Discretionary release on parole shall not be granted merely as a reward for good conduct or efficient performance of duties while confined but after considering if there is a reasonable probability that, if such inmate is released, he will live and remain at liberty without violating the law, and that his release is not incompatible with the welfare of society and will not so deprecate the seriousness of his crime as to undermine respect for law. In making the parole release decision, the guidelines . . . shall require that the following be considered: (i) the institutional record including program goals and accomplishments, academic achievements, vocational education, training or work assignments, therapy and interpersonal relationships with staff and inmates; (ii) performance, if any, as a participant in a temporary release program; (iii) release plans including community resources, employment, education and training and support services available to the inmate; (iv) [issues related to deportation]; and (v) any statement made to the board by the crime victim or the victim's representative . . . N.Y. Exec. Law § 259-i(2)(c)(A). Additionally, the Board "shall consider" "the seriousness of the offense" and "prior criminal record, including the nature and pattern of offenses, adjustment to any previous probation or parole supervision and institutional confinement." Id., by incorporation of New York Executive Law § 259-i(1)(a).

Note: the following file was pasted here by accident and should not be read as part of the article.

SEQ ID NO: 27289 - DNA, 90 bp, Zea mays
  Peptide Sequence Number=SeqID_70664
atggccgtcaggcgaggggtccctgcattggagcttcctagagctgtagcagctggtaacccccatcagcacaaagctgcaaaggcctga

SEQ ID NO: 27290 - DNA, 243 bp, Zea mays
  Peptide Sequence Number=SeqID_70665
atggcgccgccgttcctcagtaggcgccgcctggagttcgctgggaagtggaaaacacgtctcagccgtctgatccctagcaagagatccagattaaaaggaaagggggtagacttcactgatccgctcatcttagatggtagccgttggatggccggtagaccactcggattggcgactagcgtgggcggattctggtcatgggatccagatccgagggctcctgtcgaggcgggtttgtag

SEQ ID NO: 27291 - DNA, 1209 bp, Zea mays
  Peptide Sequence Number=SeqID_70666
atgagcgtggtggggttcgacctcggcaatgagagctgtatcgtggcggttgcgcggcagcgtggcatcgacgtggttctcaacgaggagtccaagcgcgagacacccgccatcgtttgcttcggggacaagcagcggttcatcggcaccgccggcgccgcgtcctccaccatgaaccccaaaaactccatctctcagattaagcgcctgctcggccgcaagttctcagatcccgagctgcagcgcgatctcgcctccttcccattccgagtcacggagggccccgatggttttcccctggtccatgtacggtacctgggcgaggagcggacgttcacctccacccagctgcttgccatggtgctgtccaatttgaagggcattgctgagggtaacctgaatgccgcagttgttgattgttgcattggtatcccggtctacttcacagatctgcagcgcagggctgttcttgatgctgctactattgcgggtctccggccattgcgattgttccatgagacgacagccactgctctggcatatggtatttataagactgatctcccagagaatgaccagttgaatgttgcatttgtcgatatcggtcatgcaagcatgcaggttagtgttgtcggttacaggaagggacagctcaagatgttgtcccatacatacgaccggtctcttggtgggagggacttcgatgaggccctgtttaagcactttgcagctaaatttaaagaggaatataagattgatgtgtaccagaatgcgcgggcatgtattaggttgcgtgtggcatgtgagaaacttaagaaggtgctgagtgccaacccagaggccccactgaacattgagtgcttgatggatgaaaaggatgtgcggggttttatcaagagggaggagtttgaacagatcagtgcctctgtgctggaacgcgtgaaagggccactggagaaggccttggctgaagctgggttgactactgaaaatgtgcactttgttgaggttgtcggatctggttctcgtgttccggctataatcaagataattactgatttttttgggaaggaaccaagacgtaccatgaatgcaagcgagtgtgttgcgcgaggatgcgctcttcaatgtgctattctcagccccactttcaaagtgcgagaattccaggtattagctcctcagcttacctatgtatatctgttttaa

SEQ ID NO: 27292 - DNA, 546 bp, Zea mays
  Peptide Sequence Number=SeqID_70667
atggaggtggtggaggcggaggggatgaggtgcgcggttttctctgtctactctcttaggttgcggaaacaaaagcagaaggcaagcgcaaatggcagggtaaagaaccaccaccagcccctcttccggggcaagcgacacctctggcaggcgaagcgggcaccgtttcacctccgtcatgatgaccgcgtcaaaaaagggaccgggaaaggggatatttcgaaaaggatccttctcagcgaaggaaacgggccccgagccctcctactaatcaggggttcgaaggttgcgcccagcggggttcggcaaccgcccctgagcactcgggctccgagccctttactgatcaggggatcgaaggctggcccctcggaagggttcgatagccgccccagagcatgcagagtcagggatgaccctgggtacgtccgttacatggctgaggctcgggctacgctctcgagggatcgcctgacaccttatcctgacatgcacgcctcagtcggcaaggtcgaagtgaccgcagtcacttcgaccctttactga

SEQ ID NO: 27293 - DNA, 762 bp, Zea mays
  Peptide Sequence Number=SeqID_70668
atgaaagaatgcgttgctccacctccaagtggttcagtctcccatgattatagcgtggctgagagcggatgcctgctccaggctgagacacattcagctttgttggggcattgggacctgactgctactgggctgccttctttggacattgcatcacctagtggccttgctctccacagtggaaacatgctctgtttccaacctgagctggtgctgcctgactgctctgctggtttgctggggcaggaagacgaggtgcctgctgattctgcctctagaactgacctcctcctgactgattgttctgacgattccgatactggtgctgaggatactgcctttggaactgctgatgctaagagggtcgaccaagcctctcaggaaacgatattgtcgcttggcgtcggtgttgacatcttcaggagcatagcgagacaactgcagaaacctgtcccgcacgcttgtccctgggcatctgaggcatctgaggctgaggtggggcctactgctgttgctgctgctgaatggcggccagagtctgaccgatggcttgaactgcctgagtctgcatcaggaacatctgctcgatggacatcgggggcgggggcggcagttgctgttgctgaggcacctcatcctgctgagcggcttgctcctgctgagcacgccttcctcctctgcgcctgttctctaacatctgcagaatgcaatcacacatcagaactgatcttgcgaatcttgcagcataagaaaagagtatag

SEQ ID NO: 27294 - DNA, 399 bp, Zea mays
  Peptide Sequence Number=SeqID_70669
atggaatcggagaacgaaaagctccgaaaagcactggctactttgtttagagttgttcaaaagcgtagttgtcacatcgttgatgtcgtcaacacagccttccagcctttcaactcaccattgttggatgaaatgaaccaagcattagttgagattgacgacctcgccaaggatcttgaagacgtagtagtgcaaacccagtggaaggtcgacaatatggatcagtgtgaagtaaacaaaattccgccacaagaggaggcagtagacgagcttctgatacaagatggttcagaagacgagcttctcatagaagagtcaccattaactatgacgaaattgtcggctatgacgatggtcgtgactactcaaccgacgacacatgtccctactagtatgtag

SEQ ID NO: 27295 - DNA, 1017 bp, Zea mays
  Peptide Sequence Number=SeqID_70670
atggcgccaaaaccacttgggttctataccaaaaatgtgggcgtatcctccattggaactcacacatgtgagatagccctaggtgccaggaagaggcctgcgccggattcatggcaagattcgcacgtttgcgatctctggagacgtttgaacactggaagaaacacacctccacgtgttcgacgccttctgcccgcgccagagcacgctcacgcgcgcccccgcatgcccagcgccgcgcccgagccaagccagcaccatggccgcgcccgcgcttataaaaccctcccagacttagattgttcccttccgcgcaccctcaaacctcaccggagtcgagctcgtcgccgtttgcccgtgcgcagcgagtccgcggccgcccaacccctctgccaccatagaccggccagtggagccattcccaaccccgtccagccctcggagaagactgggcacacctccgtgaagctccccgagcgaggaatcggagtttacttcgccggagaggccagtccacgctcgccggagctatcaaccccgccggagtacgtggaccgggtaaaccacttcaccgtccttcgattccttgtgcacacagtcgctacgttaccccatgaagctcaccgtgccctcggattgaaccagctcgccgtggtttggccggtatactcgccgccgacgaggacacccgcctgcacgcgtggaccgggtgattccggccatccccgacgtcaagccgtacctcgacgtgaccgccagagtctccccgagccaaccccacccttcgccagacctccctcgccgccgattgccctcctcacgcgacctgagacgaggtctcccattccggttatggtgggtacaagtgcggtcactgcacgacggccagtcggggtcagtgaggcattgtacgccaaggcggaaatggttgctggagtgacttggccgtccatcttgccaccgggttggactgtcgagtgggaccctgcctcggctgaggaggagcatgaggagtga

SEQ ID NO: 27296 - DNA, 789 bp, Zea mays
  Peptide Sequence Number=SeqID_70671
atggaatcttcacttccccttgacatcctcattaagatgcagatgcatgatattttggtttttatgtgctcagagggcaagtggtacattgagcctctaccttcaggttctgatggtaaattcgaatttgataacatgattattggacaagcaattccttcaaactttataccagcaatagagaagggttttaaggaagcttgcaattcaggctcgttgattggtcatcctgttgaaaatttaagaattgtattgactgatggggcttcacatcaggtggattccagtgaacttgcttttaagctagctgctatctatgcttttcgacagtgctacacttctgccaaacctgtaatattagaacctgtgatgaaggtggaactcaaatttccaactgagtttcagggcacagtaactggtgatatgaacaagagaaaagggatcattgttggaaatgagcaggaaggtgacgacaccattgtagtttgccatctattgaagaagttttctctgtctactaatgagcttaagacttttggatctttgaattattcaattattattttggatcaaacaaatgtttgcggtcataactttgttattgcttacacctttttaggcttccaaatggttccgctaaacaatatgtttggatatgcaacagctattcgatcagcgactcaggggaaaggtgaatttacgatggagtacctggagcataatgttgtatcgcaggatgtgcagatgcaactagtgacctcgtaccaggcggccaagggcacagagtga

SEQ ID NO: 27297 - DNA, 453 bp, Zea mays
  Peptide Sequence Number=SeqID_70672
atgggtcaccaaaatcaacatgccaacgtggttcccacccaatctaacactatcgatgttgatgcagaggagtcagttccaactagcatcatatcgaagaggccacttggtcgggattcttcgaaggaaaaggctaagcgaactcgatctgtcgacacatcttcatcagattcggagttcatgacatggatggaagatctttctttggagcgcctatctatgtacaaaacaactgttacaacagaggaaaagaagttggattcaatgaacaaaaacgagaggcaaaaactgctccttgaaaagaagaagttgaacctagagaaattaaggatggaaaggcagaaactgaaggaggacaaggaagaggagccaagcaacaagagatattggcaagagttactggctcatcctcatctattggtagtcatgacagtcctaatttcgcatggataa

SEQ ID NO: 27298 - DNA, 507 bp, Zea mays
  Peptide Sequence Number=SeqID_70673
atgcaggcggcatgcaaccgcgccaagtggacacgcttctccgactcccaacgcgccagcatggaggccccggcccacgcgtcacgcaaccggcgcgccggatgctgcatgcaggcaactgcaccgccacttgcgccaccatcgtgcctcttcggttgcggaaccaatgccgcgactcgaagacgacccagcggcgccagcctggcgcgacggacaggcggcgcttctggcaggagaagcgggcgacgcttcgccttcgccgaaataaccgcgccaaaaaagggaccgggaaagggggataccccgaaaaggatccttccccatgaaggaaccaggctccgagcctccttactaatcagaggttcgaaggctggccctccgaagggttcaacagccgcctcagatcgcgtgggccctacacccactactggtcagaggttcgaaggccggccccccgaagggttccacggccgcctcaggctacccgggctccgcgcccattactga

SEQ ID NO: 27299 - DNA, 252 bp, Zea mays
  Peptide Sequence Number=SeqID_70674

Salahuddin's characterization of the Parole Board's decision is inaccurate. First, the Board reviewed Salahuddin's file during the course of the hearing, which included a review of his criminal history (Hr'g Tr. at 2-6), his institutional record (id. at 7-8), his prospects for employment upon release (id. at 8-9), and his letters of support (id. at 9). Finally, the Board noted Salahuddin's various letters of support as well as its "chief concern" regarding his parole:

You have a very violent crime. There is positives [sic] to your file and negatives to your file. Of course, I brought up to you that the negatives that concern me, the nature of your offense is a strong concern as well when you see allegations of violent conduct while incarcerated. That raises a concern as well.
(Id. at 9-10.) In response, Salahuddin described his reformation at length, ending with the fact that he "already successfully completed parole outside before." (Id. at 12.) The Parole Board Officer then noted, "[y]ou successfully completed parole but you re-engaged in criminal behavior afterwards," which Salahuddin acknowledged as true. (Id.) While the Board's decision finds the violent nature of Salahuddin's crime to be an important factor in denying parole, the board also notes his history of substance abuse as well as his institutional behavior. (Hr'g Tr. at 14.)

  Second, as held by the state court (see King Decl., Ex. I at 2.), the law does not forbid the Board from deciding that the seriousness of an offense and a prisoner's institutional record outweigh his positive performance in prison program, his references and his release plans. See N.Y. Exec. Law § 259-i. In fact, the statute specifically states that "[d]iscretionary release on parole shall not be granted merely as a reward for good conduct or efficient performance of duties while confined," and that the Board must consider "the seriousness of his crime." N.Y. Exec. Law § 259-i(2)(c)(A).